Introduction to Data Science in Python: Numpy Module
Numpy is a popular python module that provides fast and efficient operations on ndimensional arrays of homogeneous data. It has variety of functions that can perform highend scientific and numerical operations.
In this post, we will see some basic common usages of the module.
First, we have to import the module. Usually, we import like this
import numpy as np
Now, let’s checkout some basic operations.
Creating Numpy Arrays
From Python Lists
We can simply, use np.array()
function to convert a python list into array.
>>> a = [1,2,3,4,5]
>>> np.array(a)
array([1, 2, 3, 4, 5])
>>> matrix = [[1,2,3],[4,5,6],[7,8,9]]
>>> np.array(matrix)
array([[ 1, 2, 3],
[ 4, 5, 6],
[ 7, 8, 9]])
Builtin Methods
np.arrange()
works exactly like pythonrange()
. Let’s look at some examples. The first example has start and ending value while the second one has another parameter for step difference.>>> np.arange(0,10) array([ 0, 1, 2, 3, 4, 5, 6, 7, 8, 9])
>>> np.arange(9,21,2) array([ 9, 11, 13, 15, 17, 19])
 If we want to create ndimensional arrays (matrix) using only zeros or ones, we can use
np.zeros()
andnp.ones()
respectively.>>> np.zeros(5) array([0., 0., 0., 0., 0.])
we can also define the size $m \times n$ where m is the number of rows and n is the number of columns
>>> np.zeros((4,3)) array([[0., 0., 0.], [0., 0., 0.], [0., 0., 0.], [0., 0., 0.]])
>>> np.ones((2,3)) array([[1., 1., 1.], [1., 1., 1.]])

We can use
np.linspace()
to return evenly spaced numbers over a specified interval>>> np.linspace(0,10,3) array([ 0., 5., 10.])
np.eye()
can be used to create an identity matrix. The following example creates an identity matrix of size $4 \times 4$>>> np.eye(4) array([[1., 0., 0., 0.], [0., 1., 0., 0.], [0., 0., 1., 0.], [0., 0., 0., 1.]])
np.random.rand()
can be used to create random samples from a uniform distribution over [0, 1).>>> np.random.rand(5) array([0.26107011, 0.39744656, 0.30421456, 0.33464264, 0.00952929])
>>> np.random.rand(5,5)
array([[0.06062392, 0.50044789, 0.16726052],
[0.22518242, 0.6768908 , 0.34212198],
[0.81288987, 0.71675748, 0.65559496]])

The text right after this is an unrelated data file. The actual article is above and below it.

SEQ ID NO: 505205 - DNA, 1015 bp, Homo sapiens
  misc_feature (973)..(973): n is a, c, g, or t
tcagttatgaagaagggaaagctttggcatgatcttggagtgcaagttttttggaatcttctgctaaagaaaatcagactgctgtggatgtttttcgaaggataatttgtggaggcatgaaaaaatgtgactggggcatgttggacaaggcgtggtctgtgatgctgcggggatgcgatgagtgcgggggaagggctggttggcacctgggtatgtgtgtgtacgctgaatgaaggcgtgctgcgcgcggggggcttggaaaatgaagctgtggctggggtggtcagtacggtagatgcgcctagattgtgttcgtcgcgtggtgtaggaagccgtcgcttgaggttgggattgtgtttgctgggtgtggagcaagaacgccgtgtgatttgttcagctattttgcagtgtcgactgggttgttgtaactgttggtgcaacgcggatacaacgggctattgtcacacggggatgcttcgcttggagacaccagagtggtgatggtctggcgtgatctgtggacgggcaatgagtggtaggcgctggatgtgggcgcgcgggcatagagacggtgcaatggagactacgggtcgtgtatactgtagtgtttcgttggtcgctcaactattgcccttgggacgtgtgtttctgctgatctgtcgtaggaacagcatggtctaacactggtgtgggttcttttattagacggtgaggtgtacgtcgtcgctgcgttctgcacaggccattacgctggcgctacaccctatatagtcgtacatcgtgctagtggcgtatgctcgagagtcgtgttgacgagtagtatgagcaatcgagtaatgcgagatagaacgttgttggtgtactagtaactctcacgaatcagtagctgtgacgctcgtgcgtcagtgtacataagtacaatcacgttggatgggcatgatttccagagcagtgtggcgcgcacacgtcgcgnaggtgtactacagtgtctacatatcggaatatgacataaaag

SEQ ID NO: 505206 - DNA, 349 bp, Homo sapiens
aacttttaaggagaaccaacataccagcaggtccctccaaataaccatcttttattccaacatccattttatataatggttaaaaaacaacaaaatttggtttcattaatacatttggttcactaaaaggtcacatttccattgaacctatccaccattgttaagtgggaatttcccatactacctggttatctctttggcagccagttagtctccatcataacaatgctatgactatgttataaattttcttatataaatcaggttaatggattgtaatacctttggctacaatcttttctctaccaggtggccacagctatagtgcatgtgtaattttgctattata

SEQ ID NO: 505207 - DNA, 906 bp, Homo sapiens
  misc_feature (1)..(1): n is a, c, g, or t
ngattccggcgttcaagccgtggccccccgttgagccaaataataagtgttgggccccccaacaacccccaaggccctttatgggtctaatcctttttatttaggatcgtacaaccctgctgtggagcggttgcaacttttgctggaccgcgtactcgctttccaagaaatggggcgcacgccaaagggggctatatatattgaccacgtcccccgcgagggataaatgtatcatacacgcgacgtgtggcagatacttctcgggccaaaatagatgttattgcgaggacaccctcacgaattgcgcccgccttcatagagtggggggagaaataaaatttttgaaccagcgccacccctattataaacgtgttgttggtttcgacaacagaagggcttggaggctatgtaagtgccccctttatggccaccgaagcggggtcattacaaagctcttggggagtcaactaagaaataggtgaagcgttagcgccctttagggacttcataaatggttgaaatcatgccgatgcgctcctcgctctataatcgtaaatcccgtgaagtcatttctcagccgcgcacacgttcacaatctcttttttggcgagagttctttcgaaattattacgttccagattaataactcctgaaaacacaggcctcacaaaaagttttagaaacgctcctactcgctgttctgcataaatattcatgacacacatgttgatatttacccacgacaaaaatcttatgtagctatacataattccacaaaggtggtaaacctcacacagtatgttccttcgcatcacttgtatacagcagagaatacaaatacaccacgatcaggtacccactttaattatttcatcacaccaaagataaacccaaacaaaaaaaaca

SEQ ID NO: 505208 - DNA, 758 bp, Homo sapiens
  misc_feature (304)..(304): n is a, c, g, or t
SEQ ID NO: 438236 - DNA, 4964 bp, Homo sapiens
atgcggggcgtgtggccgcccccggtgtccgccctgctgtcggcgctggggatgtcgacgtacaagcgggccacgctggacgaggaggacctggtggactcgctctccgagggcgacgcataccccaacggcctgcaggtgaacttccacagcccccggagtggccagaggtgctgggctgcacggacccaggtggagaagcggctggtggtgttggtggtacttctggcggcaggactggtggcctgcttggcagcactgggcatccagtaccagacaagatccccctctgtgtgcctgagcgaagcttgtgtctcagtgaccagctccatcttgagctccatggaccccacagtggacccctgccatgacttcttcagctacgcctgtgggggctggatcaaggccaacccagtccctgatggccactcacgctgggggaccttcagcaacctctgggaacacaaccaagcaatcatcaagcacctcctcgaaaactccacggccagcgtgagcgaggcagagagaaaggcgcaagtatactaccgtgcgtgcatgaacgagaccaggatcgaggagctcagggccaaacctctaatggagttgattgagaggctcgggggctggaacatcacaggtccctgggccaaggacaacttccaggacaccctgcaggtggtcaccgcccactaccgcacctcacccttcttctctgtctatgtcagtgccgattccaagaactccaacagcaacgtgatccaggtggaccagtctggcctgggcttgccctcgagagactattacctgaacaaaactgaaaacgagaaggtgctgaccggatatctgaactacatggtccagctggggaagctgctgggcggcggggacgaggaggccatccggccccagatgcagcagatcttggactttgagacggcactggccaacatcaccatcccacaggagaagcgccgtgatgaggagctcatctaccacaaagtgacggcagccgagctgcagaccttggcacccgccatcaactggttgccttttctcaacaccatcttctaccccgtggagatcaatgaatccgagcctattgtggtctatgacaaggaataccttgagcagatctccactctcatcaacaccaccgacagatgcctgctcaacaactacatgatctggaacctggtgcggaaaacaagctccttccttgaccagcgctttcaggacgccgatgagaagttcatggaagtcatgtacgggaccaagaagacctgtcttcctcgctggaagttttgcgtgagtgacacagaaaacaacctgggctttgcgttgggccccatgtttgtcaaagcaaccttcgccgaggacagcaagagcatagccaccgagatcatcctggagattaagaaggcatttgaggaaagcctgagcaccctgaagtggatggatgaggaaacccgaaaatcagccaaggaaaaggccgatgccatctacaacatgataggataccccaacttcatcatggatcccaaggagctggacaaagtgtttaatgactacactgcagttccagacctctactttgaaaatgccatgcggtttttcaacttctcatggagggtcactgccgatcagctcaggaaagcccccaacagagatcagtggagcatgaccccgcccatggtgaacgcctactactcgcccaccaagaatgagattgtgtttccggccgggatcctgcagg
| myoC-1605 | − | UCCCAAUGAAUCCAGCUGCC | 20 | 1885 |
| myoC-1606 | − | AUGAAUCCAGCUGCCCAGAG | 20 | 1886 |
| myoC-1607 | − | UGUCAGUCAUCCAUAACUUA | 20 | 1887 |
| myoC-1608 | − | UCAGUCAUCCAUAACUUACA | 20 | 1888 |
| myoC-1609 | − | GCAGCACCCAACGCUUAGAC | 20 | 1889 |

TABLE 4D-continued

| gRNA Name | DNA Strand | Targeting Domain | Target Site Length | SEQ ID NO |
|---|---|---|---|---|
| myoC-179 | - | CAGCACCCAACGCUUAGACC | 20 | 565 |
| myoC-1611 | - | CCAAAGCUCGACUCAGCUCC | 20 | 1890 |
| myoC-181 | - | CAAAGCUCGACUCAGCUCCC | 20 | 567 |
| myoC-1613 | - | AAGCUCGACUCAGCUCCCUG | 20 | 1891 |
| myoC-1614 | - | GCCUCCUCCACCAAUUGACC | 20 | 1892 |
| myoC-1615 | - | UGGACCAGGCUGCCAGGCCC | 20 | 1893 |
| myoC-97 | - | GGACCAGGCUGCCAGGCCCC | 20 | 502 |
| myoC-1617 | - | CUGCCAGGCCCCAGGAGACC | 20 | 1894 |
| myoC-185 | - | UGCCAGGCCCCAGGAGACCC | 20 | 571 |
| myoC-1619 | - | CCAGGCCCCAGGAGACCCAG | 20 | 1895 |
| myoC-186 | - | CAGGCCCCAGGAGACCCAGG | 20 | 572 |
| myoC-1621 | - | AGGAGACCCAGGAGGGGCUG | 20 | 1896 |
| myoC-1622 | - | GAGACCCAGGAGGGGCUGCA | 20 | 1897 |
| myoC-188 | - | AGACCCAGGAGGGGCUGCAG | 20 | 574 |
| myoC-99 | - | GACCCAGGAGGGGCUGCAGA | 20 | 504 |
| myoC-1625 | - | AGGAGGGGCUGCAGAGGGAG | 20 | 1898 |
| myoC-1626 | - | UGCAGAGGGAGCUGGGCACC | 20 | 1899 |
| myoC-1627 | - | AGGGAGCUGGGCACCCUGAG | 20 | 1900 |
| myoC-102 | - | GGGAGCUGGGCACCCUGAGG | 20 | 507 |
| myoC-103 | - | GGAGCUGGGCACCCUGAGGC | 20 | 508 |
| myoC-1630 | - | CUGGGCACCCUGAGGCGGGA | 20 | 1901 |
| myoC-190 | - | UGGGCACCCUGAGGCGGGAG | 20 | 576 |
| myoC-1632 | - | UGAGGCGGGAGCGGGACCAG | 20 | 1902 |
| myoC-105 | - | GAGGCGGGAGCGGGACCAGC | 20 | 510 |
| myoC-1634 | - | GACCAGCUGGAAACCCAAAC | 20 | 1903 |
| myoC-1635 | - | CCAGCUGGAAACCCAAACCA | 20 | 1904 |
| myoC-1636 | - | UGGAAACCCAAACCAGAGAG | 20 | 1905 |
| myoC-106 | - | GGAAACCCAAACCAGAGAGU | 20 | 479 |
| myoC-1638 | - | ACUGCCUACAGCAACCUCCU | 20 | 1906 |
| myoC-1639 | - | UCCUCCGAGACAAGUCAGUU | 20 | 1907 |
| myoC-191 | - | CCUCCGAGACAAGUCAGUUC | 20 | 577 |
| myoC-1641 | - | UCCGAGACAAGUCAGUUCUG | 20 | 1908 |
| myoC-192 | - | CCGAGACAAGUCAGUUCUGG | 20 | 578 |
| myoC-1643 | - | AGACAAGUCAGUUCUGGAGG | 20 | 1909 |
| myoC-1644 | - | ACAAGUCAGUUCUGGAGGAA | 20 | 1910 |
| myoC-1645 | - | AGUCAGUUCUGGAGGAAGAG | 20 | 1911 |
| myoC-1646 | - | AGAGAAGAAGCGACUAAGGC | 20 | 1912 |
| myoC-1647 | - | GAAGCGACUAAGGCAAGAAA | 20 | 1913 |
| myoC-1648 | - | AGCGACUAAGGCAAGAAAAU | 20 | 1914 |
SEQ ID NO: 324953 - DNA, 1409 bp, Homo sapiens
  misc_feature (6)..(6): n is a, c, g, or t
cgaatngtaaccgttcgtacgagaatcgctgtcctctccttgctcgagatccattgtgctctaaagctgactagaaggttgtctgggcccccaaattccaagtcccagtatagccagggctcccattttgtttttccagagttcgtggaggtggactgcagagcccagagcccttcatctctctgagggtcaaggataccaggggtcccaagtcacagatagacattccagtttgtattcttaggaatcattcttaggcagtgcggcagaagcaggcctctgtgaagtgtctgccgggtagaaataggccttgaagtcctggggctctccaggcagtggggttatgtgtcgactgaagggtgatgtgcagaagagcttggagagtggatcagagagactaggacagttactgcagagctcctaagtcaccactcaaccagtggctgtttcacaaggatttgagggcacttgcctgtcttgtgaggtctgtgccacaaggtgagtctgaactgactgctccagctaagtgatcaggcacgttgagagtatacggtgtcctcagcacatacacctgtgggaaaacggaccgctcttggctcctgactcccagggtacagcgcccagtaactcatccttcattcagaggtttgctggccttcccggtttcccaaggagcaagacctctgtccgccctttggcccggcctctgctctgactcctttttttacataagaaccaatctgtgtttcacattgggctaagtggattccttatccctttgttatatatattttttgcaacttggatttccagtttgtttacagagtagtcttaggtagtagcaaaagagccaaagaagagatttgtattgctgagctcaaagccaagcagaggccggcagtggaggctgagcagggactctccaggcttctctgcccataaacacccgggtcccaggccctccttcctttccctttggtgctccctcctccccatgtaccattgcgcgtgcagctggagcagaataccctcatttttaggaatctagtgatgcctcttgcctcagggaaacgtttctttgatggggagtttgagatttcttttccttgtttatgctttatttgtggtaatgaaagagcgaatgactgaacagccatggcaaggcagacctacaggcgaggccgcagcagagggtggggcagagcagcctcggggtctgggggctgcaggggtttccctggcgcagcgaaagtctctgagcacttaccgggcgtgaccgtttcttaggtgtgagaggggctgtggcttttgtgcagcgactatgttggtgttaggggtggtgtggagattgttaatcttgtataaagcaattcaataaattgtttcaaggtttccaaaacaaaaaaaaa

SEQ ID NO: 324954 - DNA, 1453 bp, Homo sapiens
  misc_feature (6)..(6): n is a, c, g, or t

for creating a matrix of random samples from a normal distribution we use np.random.randn()
method
>>> np.random.randn(5)
array([0.4356041 , 3.21925889, 1.95362245, 1.11175927, 0.61676613])
array of random integer can be created using np.random.randint()
method. the following example creates an array of $10$ random integers ranged between $1$ and $100$.
>>> np.random.randint(1,100,10)
array([61, 73, 57, 15, 13, 61, 50, 14, 47, 44])
also, we can use np.random.choice()
method. Here, we create an array of $10$ random numbers ranged between $0$ and $19$. The replace=False
ensures no duplicate value is included.
>>> np.random.choice(range(20), 10, replace=False)
array([ 8, 0, 6, 10, 3, 7, 2, 4, 1, 16])
same thing can be done using random.sample()
method too. But you need to convert it to numpy array if you want it to perform numpy operations.
>>> import random
>>> random.sample(range(100), 10)
[18, 99, 98, 92, 63, 30, 5, 20, 60, 47]
max/min
and argmax/argmin
in numpy, array_variable.max()
and array_variable.min()
are used to return the maximum/minimum values respectively. array_variable.argmax()
and array_variable.argmin()
are used to return the indices of maximum/minimum values respectively.
>>> test = np.random.randint(1,100,9)
>>> test.reshape(3,3)
>>> test
array([[34, 12, 22],
[69, 36, 27],
[26, 57, 53]])
>>> test.max()
69
>>> test.min()
12
>>> test.argmax()
3
>>> test.argmin()
1
Numpy Operations
We can use the itemwise addition, subtraction, multiplications, and divisions as follows. Square and logs can be calculated using np.sqrt()
and np.log()
methods.
>>> test + test
[[ 68 24 44]
[138 72 54]
[ 52 114 106]]
>>>
>>> test  test
[[0 0 0]
[0 0 0]
[0 0 0]]
>>>
>>> test * test
[[1156 144 484]
[4761 1296 729]
[ 676 3249 2809]]
>>>
>>> test / test
[[1. 1. 1.]
[1. 1. 1.]
[1. 1. 1.]]
>>>
>>> test ** 2
[[1156 144 484]
[4761 1296 729]
[ 676 3249 2809]]
>>>
>>> np.sqrt(test)
array([[5.83095189, 3.46410162, 4.69041576],
[8.30662386, 6. , 5.19615242],
[5.09901951, 7.54983444, 7.28010989]])
>>>
>>> np.log(test)
array([[3.52636052, 2.48490665, 3.09104245],
[4.2341065 , 3.58351894, 3.29583687],
[3.25809654, 4.04305127, 3.97029191]])
Indexing in Numpy Array
Indexing is similar to the regular python list.
>>> test[2]
array([26, 57, 53])
>>> test[1:]
array([[69, 36, 27],
[26, 57, 53]])
>>> test[1][1]
36
>>>
>>> test[:2,1:]
array([[12, 22],
[36, 27]])
Mapping/Filtering
Numpy offers direct filtering/mapping options. Let’s take a look at the examples:
>>> test > 30
array([[ True, False, False],
[ True, True, False],
[False, True, True]])
which is normally done using python map
>>> a = [5, 6, 78, 34, 56]
>>> list(map(lambda x: x>15, a))
[False, False, True, True, True]
I hope, the abovementioned methods are enough for the basic. We will go through more advanced operations later in another post. Till then, cheers!
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